Authoritarian Parenting Styles Increase Risk of Depression Amongst Latino Children

July 6, 2015 by No Comments

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There’s no short supply of things that can cause depression in adolescents: academic stress, heartbreak, divorcing parents, family financial struggles, low self-esteem. The list goes on. Even a home’s decor can make a person gloomy, as 14% of people recently reported in a survey.

According to a new study published in the Journal of Clinical Child and Adolescent Psychology, authoritarian parenting styles common amongst Hispanic cultures can produce depression, anxiety, and somatization in children.

Researchers from the University of Texas at Austin’s School of Social Work looked at how commonly children showed physical signs of illness, despite having no physical for reason for being sick. This phenomenon of physical manifestations of mental health issues, such as anxiety and depression, is known as somatization.

Researchers obtained data from 661 Mexican and Dominican immigrant mothers, and children, who were all between the ages of four and six, and tested to see whether they were at risk for anxiety, depression, and other factors.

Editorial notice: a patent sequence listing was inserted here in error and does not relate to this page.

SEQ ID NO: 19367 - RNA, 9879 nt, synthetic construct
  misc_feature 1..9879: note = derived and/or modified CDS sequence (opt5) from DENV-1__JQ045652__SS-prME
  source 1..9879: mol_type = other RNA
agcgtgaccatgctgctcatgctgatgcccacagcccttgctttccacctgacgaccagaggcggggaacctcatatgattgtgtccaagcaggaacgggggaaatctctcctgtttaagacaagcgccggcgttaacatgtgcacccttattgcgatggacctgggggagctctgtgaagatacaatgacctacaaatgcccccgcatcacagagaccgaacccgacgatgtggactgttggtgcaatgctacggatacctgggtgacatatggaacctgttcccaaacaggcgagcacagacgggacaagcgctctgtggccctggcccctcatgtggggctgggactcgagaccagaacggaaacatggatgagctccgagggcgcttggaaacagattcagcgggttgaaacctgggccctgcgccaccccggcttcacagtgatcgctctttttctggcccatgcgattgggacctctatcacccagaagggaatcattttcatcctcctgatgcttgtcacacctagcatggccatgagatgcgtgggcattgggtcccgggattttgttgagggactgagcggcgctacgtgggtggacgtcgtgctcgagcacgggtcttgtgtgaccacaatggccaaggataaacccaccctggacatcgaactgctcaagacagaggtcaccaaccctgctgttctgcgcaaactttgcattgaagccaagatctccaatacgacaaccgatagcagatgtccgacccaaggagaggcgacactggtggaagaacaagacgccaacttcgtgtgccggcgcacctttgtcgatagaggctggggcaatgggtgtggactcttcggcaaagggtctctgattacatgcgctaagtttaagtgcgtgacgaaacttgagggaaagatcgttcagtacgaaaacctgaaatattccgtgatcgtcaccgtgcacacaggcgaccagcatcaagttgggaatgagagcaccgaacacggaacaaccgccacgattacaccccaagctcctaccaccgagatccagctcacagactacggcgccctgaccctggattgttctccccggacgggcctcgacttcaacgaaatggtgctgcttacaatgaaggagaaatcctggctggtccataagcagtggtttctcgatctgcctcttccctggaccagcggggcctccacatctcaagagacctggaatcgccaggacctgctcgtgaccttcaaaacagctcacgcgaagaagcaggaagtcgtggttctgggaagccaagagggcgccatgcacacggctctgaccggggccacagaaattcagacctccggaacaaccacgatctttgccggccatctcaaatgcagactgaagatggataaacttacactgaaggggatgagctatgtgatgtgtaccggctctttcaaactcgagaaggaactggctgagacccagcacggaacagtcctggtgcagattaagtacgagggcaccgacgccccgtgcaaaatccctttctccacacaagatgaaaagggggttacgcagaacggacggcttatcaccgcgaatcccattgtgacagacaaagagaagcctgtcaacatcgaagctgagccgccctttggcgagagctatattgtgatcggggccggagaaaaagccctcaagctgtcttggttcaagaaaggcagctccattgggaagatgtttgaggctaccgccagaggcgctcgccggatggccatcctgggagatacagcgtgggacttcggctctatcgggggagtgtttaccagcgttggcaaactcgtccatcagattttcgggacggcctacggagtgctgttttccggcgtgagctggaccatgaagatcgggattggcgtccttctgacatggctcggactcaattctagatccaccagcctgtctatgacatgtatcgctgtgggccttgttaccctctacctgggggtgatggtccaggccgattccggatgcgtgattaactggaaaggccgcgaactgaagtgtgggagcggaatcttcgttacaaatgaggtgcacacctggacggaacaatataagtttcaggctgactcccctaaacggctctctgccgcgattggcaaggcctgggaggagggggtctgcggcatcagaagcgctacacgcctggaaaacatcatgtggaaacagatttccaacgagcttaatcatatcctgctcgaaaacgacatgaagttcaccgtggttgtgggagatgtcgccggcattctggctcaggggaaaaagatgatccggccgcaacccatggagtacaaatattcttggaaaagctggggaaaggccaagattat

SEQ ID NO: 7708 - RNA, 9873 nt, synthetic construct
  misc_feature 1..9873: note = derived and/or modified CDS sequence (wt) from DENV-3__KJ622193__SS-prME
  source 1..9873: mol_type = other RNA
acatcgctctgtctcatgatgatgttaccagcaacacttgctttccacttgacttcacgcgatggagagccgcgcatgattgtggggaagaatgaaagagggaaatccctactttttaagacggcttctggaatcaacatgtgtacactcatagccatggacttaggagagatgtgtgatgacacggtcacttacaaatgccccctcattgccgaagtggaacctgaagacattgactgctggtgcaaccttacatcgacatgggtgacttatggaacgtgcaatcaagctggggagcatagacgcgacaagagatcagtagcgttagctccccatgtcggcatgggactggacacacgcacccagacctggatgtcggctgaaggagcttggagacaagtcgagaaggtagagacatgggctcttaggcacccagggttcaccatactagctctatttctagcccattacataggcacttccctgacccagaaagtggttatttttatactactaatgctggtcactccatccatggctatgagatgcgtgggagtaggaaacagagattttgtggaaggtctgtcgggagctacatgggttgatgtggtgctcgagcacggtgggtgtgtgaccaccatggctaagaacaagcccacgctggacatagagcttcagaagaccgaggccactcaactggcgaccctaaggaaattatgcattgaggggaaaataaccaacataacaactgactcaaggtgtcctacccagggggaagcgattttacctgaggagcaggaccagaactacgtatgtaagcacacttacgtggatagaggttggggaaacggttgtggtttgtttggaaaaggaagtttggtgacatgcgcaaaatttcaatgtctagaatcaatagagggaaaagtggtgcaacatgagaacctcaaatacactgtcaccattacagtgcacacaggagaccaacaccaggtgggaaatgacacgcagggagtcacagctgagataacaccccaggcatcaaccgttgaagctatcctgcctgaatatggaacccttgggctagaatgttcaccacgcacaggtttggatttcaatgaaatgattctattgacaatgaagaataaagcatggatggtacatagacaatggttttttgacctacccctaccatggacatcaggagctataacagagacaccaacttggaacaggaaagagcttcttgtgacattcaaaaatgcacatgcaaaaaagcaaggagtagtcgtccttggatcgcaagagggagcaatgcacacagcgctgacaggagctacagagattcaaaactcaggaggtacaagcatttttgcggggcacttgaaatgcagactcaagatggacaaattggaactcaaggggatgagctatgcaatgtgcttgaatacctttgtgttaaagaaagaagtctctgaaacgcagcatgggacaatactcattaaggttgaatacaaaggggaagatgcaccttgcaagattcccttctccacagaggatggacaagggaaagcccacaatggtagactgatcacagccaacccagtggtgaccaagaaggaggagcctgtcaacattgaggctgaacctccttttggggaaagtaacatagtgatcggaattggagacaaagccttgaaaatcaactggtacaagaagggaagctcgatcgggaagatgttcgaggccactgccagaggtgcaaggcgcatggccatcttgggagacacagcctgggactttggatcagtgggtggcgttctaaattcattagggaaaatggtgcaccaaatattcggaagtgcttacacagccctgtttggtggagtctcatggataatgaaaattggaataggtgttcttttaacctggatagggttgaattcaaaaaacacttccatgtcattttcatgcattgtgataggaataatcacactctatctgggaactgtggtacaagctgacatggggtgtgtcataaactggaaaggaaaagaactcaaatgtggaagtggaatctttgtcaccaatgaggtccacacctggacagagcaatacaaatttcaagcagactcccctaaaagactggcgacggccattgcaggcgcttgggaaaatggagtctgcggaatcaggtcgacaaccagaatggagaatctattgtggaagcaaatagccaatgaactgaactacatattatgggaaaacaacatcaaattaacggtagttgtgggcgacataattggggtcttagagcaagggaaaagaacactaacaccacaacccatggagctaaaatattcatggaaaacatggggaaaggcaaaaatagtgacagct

The study found that nearly half of the children were at risk for anxiety, with 10% being at risk for depression and somatization. As children got older, the rates increased. Latino children also seemed to display these issues at higher levels than the general population.

“Our study suggests that the disproportionate risk for anxiety, depression and suicide attempts observed among Latino, compared to non-Latino, youths begins way before adolescence,” said lead researcher Esther Calzada. “By understanding how parenting can promote healthy emotional development starting early in a child’s development, we hope to develop programs to support Latino families in preventing these serious negative mental health outcomes.”

Researchers believe that the rates of anxiety and somatization may be caused by authoritarian parenting styles inherent in Hispanic cultures. “Respeto” plays an important part in Latino childrearing culture, and demands that children comply and accept authority figures, who set clear rules, high standards, strict punishments, and communicate little.

As Calzada explained, “Parents’ adherence to respeto may impact children not only by fostering authoritarian parenting styles but also directly, by making young children more nervous or distressed during interactions with adults who hold clear authority, such as teachers.”

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